3545 Las Vegas Boulevard South
Cantonese cuisine goes haute couture at this trendy restaurant backed by Michelin-starred chef Ho Chee Boon. Menu items, which span dim sum to juicy stir-fried rib-eye, are best enjoyed family-style in the cavernous space. Save room for the chocolate ganache-filled dumplings; you can dance it off at the adjoining Hakkasan nightclub.
3799 Las Vegas Boulevard South
For a dose of Rat Pack glamour, venture slightly off the Strip to this swanky restaurant-lounge located in the Royal Resort hotel. The menu serves steaks of all varieties, as well as beers, wine, and an impressive cocktail list—including the Spicy Zandia made with jalapeño tequila, watermelon liquor, and fresh lemon—and an unlimited mimosa bar. This is Vegas, after all.
99 Convention Center Drive
It wouldn’t be Vegas without a celebrity sighting, and the latest famous toque to take the foodie stage is Giada de Laurentiis. The Italian chef recently unveiled GIADA at The Cromwell (a boutique hotel opened at Caesar’s), where both the décor and the menu are lighter, brighter versions of the classic Italian restaurant. Fans of her popular Giada at Home cooking show on the Food Network will appreciate the inclusion of proper pronunciations of pastas and other Italian words on the menu. She promises all breads baked onsite, as well as the only antipasto station on the Strip.
395 South Las Vegas Boulevard,
6. Valle de Guadalupe / 91 miles from San Diego
Deckman's En El Mogor, Corazón de Tierra, Laja
Opened by Jair Téllez, who’s been called the “Mexican Thomas Keller,” Laja was one of the first gourmet restaurants among the wineries in the valley. Today Tellez has moved on to open acclaimed restaurants in Mexico City and elsewhere, but still returns to his roots on occasional weekends to cook for hungry tourists who come from across the world to try his food.
83 Carretera Ensenada-Tecate
One of the area’s newest wineries is an essential stop for architecture buffs as well as oenophiles. Built right into the landscape around huge boulders and local laja stone, the space is lit exclusively with natural light. Recycled wine bottles form a main wall, letting the sunlight pour in.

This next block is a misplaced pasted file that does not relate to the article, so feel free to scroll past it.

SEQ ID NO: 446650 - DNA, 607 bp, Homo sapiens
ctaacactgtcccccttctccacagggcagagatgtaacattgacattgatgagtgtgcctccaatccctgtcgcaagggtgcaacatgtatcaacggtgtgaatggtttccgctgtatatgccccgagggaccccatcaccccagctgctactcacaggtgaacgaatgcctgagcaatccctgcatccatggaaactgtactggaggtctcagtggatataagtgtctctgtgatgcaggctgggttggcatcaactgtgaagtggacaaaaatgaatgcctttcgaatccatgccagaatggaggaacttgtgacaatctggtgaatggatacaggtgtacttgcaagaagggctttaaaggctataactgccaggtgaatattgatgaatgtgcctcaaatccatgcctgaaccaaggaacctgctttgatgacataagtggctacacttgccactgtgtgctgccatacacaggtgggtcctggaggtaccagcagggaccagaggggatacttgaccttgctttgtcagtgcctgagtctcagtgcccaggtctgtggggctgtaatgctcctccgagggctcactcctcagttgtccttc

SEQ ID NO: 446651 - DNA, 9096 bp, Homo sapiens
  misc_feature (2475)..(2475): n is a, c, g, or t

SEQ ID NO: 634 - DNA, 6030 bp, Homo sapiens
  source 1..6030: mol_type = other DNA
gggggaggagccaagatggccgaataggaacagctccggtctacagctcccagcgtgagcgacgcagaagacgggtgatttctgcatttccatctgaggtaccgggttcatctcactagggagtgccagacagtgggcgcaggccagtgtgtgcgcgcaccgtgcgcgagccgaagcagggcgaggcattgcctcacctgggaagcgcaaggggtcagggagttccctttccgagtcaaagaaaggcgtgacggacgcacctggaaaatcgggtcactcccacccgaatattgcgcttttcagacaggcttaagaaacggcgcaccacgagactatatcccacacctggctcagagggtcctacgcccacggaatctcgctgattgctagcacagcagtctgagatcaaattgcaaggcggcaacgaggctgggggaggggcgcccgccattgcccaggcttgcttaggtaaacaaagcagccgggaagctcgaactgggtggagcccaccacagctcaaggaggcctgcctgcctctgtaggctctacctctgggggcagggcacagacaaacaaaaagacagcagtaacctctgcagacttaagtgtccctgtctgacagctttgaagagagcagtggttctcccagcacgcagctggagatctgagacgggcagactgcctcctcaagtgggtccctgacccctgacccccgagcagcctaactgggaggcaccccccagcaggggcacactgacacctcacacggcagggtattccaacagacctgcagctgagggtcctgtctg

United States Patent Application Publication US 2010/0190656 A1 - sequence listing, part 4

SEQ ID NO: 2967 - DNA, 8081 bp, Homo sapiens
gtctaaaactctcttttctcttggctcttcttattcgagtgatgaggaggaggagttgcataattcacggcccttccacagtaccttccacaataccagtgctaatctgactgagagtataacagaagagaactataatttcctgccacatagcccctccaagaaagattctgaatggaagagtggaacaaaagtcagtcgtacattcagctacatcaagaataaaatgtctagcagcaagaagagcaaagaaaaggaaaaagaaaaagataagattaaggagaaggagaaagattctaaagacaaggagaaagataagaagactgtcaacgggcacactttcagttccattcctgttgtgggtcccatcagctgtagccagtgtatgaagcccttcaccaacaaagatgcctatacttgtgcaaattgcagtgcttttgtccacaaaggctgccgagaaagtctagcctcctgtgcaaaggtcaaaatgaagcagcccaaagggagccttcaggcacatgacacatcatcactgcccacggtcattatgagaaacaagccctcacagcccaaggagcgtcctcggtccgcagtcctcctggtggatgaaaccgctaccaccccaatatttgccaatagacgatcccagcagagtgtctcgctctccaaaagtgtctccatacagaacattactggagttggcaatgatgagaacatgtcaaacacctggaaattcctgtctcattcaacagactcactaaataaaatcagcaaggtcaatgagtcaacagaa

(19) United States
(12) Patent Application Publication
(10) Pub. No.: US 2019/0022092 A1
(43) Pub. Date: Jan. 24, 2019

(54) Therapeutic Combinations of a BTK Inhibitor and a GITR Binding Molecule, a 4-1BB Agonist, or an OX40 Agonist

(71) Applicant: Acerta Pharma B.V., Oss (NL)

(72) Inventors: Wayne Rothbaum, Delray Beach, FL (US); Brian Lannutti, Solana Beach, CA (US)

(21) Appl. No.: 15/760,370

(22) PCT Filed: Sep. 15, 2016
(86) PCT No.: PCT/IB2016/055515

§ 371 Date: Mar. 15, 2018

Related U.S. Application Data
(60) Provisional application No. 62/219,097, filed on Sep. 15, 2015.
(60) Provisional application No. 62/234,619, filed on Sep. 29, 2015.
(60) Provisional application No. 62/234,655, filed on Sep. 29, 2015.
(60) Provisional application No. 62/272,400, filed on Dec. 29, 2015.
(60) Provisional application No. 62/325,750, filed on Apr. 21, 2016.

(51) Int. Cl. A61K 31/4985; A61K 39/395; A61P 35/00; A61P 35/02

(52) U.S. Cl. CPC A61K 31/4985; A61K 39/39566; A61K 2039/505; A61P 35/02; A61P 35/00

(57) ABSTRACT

Rancho Santa Lucia,
Km. 81 San Antonio de las Minas
Fitting perfectly into the gourmet campsite vibe of the Valle, Michelin-starred chef Drew Deckman’s gorgeous, minimalist restaurant is a darling must-visit for traveling foodies. He cooks over an open fire for guests perched in alcoves and under oak trees. Wine bottles-as-flower vases dangle from twine and goats and chickens roost close by. A seafood-heavy menu changes seasonally, even daily, and most of the herbs and produce are grown onsite.
Km. 85.5 Highway 3 Tecate-Ensenada
What started as chef Javier Plascencia’s personal campsite, where he’d cook rustic food over a grill he made on the grounds of a friend’s winery, has become one of the wine region’s top restaurants. The campfire is still there, though now surrounded by a mix of modern tables and chairs on a multi-level deck taking in sweeping views of the grapevines. From grilled octopus to fancy tostadas topped with veggies and local cheese, the offerings change to maximize whatever seafood, produce, and meat are most fresh.
Km. 83 Carretera Federal 3
Located at La Villa del Valle, Diego Hernandez’ restaurant is fittingly named “heart of the earth.” Featuring a classic Baja-Med menu, which focuses on local seafood and produce, the structure is made of entirely reclaimed or recycled materials. From its perch on a rocky hillside, you can see miles and miles of vineyards and olive trees (the restaurant makes its own olive oil onsite, too).
Rancho San Marcos S/N, El Porvenir